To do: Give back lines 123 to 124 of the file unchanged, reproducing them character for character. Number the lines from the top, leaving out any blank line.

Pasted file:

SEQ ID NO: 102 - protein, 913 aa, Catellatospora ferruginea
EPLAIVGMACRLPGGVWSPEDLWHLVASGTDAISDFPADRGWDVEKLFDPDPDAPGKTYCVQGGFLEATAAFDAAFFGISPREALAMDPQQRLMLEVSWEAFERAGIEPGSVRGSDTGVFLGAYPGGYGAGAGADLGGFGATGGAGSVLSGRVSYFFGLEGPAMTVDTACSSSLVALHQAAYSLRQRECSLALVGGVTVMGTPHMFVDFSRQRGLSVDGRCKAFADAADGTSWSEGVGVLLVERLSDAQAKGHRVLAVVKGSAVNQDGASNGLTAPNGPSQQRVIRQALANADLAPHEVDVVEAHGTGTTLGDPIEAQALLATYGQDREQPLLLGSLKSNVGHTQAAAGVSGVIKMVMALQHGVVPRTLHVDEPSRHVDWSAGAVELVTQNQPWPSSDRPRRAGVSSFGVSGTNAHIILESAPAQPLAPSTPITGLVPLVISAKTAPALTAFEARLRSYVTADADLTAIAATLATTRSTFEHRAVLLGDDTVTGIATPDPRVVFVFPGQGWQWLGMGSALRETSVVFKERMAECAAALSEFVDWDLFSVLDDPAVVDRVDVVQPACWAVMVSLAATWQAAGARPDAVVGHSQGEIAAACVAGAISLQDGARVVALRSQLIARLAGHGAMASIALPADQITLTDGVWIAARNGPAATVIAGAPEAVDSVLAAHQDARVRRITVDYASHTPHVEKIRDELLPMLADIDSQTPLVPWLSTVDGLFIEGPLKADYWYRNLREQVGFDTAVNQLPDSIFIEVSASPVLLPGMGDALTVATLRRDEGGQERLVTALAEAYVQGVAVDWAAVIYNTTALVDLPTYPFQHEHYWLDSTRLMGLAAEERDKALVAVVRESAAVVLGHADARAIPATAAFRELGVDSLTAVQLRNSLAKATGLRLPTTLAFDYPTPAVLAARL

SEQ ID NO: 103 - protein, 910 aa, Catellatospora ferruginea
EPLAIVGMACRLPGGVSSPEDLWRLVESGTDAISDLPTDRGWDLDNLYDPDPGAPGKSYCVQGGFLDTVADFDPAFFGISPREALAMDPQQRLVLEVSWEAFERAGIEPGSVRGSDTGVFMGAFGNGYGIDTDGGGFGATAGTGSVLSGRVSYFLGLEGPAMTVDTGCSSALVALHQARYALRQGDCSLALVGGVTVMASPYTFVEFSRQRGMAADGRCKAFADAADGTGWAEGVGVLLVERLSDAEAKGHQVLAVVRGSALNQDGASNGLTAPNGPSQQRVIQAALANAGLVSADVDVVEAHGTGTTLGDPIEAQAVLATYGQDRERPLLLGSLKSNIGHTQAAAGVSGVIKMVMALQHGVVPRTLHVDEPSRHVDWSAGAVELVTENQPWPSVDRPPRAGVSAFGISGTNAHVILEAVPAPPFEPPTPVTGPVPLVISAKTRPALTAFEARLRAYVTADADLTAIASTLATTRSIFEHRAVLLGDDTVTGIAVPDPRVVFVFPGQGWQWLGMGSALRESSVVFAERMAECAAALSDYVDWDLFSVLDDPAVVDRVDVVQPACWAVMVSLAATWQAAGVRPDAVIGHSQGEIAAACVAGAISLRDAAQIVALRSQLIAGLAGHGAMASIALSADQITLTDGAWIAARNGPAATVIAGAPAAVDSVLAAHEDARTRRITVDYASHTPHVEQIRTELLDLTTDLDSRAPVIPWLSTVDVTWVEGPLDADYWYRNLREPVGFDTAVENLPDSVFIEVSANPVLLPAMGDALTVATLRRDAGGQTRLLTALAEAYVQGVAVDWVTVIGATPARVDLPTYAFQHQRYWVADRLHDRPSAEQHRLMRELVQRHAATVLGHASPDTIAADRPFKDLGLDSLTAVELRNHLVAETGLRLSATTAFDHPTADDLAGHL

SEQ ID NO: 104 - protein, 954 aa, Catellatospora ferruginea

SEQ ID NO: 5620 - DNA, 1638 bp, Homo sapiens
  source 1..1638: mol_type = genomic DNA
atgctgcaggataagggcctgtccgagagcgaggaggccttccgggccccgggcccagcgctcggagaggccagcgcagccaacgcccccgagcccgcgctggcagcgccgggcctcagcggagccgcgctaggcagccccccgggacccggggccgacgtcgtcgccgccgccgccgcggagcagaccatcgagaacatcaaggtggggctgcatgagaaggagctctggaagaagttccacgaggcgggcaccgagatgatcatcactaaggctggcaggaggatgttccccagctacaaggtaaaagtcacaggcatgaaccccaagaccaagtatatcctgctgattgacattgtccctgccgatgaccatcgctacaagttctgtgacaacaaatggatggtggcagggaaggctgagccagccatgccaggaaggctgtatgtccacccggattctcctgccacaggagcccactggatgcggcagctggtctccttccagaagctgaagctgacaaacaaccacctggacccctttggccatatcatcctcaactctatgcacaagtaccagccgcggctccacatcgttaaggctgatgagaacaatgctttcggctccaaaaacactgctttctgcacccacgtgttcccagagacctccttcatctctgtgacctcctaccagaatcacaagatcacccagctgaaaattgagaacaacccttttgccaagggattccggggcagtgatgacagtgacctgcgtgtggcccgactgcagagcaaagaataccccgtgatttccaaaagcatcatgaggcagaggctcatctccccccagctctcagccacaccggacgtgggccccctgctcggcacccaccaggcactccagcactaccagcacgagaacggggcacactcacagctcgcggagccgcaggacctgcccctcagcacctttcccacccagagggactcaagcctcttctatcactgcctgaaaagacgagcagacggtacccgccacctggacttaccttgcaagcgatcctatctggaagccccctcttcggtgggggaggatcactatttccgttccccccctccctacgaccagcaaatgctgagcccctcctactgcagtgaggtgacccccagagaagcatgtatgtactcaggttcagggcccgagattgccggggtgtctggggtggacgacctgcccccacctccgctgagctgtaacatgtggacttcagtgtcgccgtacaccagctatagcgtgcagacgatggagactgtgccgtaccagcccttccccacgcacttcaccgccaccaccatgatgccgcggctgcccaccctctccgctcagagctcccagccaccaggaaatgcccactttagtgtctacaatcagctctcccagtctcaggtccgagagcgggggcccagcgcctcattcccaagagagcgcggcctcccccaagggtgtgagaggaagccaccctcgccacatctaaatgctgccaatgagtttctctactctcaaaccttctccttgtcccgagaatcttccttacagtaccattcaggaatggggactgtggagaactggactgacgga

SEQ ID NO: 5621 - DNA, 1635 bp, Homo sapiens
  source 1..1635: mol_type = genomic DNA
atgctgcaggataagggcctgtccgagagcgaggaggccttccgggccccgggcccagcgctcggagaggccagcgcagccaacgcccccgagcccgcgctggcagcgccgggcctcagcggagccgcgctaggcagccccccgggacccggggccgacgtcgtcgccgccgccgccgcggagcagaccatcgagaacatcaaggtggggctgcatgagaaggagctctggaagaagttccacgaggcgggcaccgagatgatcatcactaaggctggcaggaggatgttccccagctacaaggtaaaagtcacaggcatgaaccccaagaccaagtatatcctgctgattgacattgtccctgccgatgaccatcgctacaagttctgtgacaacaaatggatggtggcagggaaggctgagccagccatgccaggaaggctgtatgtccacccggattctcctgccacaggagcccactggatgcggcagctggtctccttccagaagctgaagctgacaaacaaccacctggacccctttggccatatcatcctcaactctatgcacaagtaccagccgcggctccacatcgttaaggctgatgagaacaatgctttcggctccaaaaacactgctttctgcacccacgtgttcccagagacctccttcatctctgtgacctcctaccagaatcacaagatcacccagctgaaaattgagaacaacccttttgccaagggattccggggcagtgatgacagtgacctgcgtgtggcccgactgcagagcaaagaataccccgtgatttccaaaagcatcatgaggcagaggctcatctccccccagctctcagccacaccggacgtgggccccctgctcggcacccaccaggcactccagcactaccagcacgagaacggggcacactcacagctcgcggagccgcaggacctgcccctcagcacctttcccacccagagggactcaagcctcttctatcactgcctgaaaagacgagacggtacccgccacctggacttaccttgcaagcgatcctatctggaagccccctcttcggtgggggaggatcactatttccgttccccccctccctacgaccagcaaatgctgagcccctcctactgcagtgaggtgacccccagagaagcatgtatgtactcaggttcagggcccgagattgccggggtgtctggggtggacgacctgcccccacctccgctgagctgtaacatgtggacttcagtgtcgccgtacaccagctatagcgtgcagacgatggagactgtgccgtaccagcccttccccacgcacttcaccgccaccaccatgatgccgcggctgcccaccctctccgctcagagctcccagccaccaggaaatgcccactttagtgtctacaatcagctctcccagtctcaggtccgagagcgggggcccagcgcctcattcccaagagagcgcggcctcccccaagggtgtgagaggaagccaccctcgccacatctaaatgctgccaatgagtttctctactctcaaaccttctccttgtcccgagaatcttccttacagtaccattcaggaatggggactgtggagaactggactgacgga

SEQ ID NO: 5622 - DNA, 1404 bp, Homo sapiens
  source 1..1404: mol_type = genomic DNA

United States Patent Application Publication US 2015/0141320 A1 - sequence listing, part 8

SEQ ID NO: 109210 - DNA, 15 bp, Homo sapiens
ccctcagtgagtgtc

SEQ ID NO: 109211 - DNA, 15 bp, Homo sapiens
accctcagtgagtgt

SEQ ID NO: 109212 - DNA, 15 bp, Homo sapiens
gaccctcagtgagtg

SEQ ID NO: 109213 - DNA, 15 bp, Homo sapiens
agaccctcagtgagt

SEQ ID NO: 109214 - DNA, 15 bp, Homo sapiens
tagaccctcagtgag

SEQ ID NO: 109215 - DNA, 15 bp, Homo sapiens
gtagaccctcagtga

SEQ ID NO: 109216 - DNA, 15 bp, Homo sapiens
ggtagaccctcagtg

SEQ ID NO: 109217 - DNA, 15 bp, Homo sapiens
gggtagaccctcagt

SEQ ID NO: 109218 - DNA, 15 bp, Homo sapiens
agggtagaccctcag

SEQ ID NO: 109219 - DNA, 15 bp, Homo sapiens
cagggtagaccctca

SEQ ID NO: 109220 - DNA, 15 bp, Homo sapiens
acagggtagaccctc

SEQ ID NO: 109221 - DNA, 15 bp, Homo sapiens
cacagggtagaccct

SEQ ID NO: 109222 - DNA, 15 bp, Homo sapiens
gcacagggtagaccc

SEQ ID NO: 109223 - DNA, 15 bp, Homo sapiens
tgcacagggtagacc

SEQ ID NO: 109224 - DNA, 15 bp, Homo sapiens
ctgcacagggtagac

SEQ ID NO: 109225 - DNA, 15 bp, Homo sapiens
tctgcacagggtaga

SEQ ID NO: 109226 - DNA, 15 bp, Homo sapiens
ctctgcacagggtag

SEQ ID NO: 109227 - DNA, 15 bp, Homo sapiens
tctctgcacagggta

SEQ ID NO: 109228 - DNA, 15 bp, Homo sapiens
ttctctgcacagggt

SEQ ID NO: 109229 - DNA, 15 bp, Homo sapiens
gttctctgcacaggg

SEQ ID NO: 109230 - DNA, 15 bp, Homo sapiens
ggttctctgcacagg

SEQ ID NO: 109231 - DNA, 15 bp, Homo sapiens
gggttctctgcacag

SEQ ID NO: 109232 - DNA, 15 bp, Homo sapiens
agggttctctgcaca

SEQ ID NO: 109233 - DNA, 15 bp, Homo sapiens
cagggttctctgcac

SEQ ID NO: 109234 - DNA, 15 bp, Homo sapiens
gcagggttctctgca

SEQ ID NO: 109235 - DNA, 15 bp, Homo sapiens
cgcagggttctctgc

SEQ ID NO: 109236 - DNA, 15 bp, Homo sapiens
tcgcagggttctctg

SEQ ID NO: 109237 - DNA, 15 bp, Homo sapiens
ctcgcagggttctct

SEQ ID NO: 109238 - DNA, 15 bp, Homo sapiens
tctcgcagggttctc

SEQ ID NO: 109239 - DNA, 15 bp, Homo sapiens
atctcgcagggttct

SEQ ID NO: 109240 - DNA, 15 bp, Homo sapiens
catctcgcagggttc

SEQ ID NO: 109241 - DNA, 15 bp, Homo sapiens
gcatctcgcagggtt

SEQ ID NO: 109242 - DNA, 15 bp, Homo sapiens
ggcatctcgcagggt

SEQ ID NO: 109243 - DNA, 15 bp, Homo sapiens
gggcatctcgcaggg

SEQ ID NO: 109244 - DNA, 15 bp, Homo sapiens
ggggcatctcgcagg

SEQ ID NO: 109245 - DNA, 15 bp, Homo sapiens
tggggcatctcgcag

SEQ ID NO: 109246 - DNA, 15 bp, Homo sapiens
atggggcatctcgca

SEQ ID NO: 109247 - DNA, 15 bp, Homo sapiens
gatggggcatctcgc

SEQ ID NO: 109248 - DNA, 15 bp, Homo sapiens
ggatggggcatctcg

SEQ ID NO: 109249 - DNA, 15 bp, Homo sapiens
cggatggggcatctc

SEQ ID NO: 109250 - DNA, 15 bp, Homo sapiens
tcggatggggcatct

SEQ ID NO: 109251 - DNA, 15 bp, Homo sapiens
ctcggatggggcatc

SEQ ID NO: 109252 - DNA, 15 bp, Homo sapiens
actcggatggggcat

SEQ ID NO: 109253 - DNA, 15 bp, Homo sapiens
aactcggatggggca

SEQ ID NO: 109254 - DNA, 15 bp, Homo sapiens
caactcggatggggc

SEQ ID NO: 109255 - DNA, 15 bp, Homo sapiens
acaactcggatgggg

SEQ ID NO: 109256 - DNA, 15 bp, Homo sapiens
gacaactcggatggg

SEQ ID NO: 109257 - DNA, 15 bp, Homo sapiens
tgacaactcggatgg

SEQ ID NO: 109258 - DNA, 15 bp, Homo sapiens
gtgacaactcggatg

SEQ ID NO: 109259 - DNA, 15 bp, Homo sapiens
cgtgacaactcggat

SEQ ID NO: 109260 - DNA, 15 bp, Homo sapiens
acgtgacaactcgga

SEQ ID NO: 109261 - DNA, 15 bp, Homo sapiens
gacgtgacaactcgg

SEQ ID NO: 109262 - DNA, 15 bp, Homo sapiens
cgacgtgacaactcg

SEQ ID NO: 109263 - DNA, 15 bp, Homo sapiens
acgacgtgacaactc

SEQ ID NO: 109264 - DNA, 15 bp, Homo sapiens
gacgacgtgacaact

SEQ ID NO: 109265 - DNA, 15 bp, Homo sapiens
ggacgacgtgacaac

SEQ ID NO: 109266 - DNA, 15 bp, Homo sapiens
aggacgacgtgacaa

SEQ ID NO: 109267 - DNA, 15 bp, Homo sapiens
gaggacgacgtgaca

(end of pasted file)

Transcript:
SEQ ID NO: 109264 - DNA, 15 bp, Homo sapiens
gacgacgtgacaact